Makhulu, Anne-Maria. Making Freedom: Apartheid, Squatter Politics, and the Struggle for Home. Durham, NC: Duke University Press, 2015.
Anne-Maria Makhulu examines an important issue about resistance and oppression by examining the question of housing for black South Africans. While other histories of apartheid in South Africa have focused on the liberation movements, Makhulu focuses on an understudied aspect of the anti-apartheid movement: resistance to apartheid housing policies. Her case study focuses on Cape Town, which, despite being considered a fairly liberal city during the apartheid era, had its influx and housing controls more stringently enforced than elsewhere in the country (xvi). In doing so, Makhulu is able to shine light on resistance at the ordinary, daily level in South Africa. As black South Africans tried to live near cities to escape rural poverty and be closer to job opportunities, they adapted to the challenges they faced and directly attacked a cornerstone of apartheid.
Makhulu, associate professor of cultural anthropology and African and African American studies at Duke University, examines an area near Cape Town known as Cape Flats, which became home to a number of informal settlements such as Crossroads and Gugulethu. The Eastern Cape, home to the impoverished Transkei and Ciskei Bantustans, sent a steady stream of migrants to the Cape Flats in search of wage labor, but these migrants were effectively shut out of housing by the Group Areas Act (27). In defiance of the law, squatters, initially men, built their own housing in order to secure continued access to work and normal home lives. Over time, whole families began settling in these areas, establishing informal government and "headmen" to oversee the settlements (68). These organizations resisted deportations in court and eventually forced the government to provide basic infrastructure to pacify the settlement dwellers (63).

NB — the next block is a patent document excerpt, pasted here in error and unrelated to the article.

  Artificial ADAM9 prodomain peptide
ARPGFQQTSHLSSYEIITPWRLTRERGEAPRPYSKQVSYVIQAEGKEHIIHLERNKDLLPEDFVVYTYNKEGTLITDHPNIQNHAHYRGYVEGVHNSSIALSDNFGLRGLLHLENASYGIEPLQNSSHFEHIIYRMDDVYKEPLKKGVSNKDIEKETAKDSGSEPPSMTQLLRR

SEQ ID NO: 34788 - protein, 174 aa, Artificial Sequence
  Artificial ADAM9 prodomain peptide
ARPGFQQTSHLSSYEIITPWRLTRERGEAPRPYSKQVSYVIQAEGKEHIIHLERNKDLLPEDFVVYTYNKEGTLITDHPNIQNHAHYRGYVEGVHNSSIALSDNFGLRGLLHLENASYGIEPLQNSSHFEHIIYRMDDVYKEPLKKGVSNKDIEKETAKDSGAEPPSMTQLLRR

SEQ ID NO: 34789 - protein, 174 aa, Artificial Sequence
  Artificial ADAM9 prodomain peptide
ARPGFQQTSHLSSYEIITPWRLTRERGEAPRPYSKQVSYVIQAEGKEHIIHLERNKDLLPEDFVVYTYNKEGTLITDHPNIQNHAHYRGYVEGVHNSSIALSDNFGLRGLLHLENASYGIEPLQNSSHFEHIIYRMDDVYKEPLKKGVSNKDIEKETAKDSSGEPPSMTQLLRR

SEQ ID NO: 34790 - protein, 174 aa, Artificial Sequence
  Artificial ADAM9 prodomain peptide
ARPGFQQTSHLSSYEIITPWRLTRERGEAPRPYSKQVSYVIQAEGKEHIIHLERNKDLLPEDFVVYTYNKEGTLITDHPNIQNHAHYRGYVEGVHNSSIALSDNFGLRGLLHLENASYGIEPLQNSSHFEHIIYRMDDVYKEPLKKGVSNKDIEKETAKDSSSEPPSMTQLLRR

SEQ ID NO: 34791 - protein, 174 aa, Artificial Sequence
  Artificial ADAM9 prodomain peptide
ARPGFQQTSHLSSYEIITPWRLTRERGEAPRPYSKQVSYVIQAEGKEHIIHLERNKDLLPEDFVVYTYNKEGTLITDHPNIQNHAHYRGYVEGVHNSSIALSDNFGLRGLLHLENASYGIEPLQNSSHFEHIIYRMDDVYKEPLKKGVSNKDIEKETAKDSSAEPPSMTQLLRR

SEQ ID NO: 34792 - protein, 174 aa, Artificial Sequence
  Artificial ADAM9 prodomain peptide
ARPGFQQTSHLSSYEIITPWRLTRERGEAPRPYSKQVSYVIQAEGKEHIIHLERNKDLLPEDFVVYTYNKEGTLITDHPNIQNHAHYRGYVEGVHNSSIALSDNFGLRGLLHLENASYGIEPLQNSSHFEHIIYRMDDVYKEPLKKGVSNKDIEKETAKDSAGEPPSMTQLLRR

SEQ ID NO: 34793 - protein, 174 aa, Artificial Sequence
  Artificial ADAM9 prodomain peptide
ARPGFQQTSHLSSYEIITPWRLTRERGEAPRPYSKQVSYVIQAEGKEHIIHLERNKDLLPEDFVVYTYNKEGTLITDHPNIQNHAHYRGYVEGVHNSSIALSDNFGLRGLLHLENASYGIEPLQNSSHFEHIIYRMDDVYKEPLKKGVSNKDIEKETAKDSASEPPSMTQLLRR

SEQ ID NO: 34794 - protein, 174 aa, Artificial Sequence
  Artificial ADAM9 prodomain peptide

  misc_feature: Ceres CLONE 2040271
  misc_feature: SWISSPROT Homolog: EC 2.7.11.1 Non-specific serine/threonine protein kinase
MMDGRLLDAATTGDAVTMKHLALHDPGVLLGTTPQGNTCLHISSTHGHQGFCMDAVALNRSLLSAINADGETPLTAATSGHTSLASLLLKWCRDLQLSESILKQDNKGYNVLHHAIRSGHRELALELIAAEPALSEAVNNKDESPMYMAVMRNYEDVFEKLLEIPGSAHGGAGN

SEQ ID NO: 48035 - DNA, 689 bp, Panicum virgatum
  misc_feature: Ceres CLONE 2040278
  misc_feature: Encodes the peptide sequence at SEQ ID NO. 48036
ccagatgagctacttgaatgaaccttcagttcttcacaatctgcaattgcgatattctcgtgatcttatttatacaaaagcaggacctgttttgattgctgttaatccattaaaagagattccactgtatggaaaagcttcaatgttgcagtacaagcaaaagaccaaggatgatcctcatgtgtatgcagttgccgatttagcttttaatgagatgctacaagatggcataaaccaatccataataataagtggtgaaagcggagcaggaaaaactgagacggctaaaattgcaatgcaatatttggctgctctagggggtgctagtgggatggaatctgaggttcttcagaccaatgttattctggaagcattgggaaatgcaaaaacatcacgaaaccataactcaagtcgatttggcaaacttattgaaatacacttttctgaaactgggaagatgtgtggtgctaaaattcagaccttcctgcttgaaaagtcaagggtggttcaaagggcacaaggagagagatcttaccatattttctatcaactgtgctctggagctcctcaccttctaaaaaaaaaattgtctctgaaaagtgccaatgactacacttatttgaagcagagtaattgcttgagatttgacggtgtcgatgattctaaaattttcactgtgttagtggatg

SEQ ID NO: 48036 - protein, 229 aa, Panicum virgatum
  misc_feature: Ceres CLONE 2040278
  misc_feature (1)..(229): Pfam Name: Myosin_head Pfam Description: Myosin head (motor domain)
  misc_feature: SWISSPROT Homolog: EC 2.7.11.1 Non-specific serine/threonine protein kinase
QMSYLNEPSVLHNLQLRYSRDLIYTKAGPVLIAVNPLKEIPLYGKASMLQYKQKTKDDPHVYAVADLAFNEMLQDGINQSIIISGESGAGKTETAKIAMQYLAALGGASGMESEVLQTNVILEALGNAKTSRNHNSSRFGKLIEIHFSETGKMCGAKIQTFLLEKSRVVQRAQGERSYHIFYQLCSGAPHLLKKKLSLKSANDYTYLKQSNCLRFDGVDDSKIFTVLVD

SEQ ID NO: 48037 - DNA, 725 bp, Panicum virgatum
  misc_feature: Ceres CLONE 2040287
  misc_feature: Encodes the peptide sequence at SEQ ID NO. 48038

Making Freedom: Apartheid, Squatter Politics, and the Struggle for Home, an adaptation of her PhD dissertation, is a somewhat misleading title since Makhulu extends her discussion of housing politics in South Africa past the era of apartheid up to the present. The ANC and other liberation groups continually focused on a message of access to housing since 1955, but as of 2015 an estimated two to three million units of housing are still needed for homeless black South Africans (159). Much of what has been constructed has been inadequate even...